Though interest among screen talent was strong when things finally came together, the script “scared the hell out of every studio in town,” Gordon said. He notes that shooting was the easiest part of the project – quite an ironic description for a Mamet adaptation. But getting to the production was the most difficult. “When we started shooting, I don’t think we had all of the money at that point. It was possible after the first couple of days of shooting that the whole thing could go down the tubes.” Such a situation resulted, in part, from numerous investors backing the film, which left the producers’ credit list nearly as long as the cast.

While the management had quite a job on its hands, Gordon attests that the shooting hardly suffered for it. “It’s nice to know you have a great script, and that’s how I felt about David’s – what a gift it was.” Though Mamet’s impressive output makes him seem intimidating, he adapted to necessity. “His contract stated that we could not change one word without his OK.” Gordon said. “I understood that, because we had meetings with studios who said that if we could make the prisoner [Bokeem Woodbine] who confronts Edmond near the end white, then they would be more interested in doing the movie. I told them, ‘I don’t think you’re getting this.’ David wanted to make sure that his script wouldn’t get softened, or censored. But when I showed him the first cut, he gave me a script with all these lines cut from it. Some of them I agreed with, but some I didn’t want to lose. He was much more open to [revising the script] after the movie had been shot.”

It helped that Gordon had a history with the Pulitizer Prize-winning playwright, as a director of his works but also his story collaborator. “‘Sexual Perversity’ was actually two [Mamet] plays that we put together,” Gordon recalls. “The original ‘Perversity’ was a series of unrelated blackout sketches – a scene between a couple of waitresses, then a couple of cops, with different people that had no real connection to each other. He had written another play called ‘Danny Shapiro and his Search for the Mystery Princess,’ about this guy and girl having a relationship. I suggested we put the two together, and give the guy and girl [from ‘Shapiro’] a friend, who could give them all this bad advice.”

Mamet’s approach during rehearsals also contradicts what legend would have you believe. “Mamet told the actors, ‘look these are just words – you can do whatever you want with them,” Gordon recalls from rehearsal for the original “Sexual Perversity” production. “The same goes for directors with Mamet. We rehearsed [‘Edmond’] for a month. And I told the actors, ‘don’t be so careful.’ Everyone breathed a sigh of relief.”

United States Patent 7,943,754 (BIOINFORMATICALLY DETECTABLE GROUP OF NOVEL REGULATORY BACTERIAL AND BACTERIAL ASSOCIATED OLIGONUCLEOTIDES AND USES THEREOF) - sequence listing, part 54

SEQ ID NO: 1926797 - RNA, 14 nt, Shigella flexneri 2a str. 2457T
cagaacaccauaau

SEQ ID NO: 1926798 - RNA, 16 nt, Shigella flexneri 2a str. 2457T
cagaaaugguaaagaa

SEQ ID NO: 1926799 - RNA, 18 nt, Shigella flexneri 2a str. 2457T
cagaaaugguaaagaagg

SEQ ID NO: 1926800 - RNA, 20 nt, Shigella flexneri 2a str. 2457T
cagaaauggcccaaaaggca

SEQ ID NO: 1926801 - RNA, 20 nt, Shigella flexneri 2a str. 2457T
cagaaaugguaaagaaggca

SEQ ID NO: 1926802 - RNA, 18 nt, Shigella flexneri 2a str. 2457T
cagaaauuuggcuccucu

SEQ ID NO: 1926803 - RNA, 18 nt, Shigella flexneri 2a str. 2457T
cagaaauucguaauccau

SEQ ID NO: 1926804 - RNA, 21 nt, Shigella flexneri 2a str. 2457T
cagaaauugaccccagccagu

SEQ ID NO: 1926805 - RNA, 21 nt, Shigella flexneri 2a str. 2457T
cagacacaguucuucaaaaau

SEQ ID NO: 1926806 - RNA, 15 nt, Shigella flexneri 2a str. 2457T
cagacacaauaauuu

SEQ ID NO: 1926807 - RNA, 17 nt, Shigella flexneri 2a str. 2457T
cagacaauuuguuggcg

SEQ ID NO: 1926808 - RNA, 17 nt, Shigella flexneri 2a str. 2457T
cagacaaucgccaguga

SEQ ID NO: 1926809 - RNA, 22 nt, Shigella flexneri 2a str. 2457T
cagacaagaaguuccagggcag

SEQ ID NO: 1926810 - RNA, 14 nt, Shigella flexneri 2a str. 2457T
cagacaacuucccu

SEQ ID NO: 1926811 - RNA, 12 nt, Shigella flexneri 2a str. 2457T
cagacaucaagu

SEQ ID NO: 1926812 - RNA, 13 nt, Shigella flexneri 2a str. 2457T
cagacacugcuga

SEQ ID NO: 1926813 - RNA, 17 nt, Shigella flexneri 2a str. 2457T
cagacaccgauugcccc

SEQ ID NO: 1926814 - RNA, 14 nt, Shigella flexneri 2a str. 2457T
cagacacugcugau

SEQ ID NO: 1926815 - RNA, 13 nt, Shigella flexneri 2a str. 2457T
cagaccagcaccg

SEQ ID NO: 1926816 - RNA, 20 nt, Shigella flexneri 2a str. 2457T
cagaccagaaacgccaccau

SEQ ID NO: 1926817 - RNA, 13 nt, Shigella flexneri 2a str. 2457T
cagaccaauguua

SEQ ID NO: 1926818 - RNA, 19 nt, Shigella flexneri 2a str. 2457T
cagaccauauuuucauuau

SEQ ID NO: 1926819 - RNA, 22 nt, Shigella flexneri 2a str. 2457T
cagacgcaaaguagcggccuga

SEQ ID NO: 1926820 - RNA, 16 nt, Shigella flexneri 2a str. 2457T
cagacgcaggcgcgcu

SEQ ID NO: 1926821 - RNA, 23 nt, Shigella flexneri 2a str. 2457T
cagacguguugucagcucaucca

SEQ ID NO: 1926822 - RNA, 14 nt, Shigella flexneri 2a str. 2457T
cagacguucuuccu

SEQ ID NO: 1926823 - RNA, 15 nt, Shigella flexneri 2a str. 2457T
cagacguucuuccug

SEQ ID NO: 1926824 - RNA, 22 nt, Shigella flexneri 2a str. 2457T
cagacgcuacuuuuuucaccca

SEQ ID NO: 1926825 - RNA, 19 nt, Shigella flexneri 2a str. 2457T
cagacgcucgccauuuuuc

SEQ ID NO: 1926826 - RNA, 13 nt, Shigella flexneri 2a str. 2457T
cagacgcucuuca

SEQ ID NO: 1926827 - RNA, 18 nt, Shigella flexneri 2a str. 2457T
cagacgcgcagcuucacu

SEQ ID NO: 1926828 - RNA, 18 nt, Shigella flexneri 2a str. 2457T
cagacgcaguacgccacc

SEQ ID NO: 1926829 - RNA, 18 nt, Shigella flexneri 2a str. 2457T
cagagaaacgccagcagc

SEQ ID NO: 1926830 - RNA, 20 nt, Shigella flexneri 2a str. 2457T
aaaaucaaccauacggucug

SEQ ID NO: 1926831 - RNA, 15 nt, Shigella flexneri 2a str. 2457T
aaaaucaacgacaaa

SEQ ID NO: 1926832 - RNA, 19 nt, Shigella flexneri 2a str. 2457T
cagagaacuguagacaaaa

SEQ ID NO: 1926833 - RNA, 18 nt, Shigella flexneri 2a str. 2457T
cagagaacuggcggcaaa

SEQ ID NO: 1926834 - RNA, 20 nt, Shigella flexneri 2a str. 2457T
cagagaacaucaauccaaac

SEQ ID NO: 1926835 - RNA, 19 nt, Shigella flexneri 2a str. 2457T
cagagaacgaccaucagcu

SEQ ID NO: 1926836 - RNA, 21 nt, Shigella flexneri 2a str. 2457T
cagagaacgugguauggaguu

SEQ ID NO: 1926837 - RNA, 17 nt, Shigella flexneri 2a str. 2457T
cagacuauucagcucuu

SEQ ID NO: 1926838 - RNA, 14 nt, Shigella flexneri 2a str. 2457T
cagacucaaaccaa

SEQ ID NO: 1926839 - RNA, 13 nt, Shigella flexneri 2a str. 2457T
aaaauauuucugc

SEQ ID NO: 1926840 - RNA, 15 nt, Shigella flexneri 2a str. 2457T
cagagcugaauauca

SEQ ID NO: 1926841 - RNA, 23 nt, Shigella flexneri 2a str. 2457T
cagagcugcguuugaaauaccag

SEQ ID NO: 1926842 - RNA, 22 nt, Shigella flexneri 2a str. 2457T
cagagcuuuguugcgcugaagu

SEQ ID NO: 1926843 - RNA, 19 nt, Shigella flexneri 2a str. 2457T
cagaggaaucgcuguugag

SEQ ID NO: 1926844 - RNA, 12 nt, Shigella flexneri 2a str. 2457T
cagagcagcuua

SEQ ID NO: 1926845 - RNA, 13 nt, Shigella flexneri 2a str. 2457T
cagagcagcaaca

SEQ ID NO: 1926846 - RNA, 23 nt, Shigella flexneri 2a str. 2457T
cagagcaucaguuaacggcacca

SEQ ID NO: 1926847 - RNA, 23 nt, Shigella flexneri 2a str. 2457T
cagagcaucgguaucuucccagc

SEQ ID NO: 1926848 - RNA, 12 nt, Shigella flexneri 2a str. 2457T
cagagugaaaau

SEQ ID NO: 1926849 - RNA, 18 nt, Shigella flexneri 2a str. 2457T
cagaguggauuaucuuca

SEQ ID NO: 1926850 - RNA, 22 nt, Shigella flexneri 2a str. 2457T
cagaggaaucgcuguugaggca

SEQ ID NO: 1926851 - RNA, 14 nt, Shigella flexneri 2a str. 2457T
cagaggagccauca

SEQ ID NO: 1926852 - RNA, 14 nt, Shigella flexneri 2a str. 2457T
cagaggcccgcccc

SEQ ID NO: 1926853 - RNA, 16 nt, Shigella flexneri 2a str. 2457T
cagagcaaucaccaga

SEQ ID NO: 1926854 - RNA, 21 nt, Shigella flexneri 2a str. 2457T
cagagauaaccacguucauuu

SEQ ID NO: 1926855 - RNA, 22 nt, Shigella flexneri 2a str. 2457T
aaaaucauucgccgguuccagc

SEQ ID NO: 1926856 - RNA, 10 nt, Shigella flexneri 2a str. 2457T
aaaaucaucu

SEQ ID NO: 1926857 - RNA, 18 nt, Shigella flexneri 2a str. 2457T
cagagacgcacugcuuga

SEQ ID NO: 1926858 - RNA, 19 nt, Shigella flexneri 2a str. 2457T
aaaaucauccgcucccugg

Gordon’s advice calmed quite a range of performers. He immediately filled roles with old collaborators, including Joe Mantegna (a performer from Gordon’s “Organic Theater” in Chicago and a Mamet veteran), Jeffrey Combs, Debi Mazar, and George Wendt. However, there were still many more folks for Edmond to encounter on his journey, roles that presented a variety of risks. Gordon found himself relying on intuition, especially when casting the pivotal role of Woodbine’s prisoner: “After you see so many people, then the one guy comes in and all of a sudden, it’s like you’re hearing [the part read] for the first time.”

Having to fill a cast of professional girls for Edmond to encounter, Gordon found himself conflicted over his options. Mena Suvari, who appeared in the scene in “American Beauty” that tributes “Re-Animator’s” famous “head giving head” scene, approached him for a role. “It was exciting, because I really like her work a lot. But at first I thought, my god, she’s too beautiful to be a w***e. But then I got into an idea with all these gorgeous women, Bai Ling and Denise Richards – they are all unattainable. The more beautiful they are, the more tension there is. [Edmond] wants them so badly, but he can’t have any of them. It’s not realistic, but it works for the story.”

Gordon credits Macy for fostering chemistry among the cast. “[He] created an atmosphere on the set that was so relaxed,” Gordon said. “People were having fun being there with him[…] He puts people at ease, that’s one of the great things about him.” And his example was just as inspirational. “Many times when we discussed the character, the actors asked, ‘Is Edmond crazy? Angry? What is going on here?’ But he was creating a character that you could really care about. In a way, I think [Edmond] wants what everybody wants. He wants honesty, he wants people to be straight with him, to cut the bullshit out of his life.”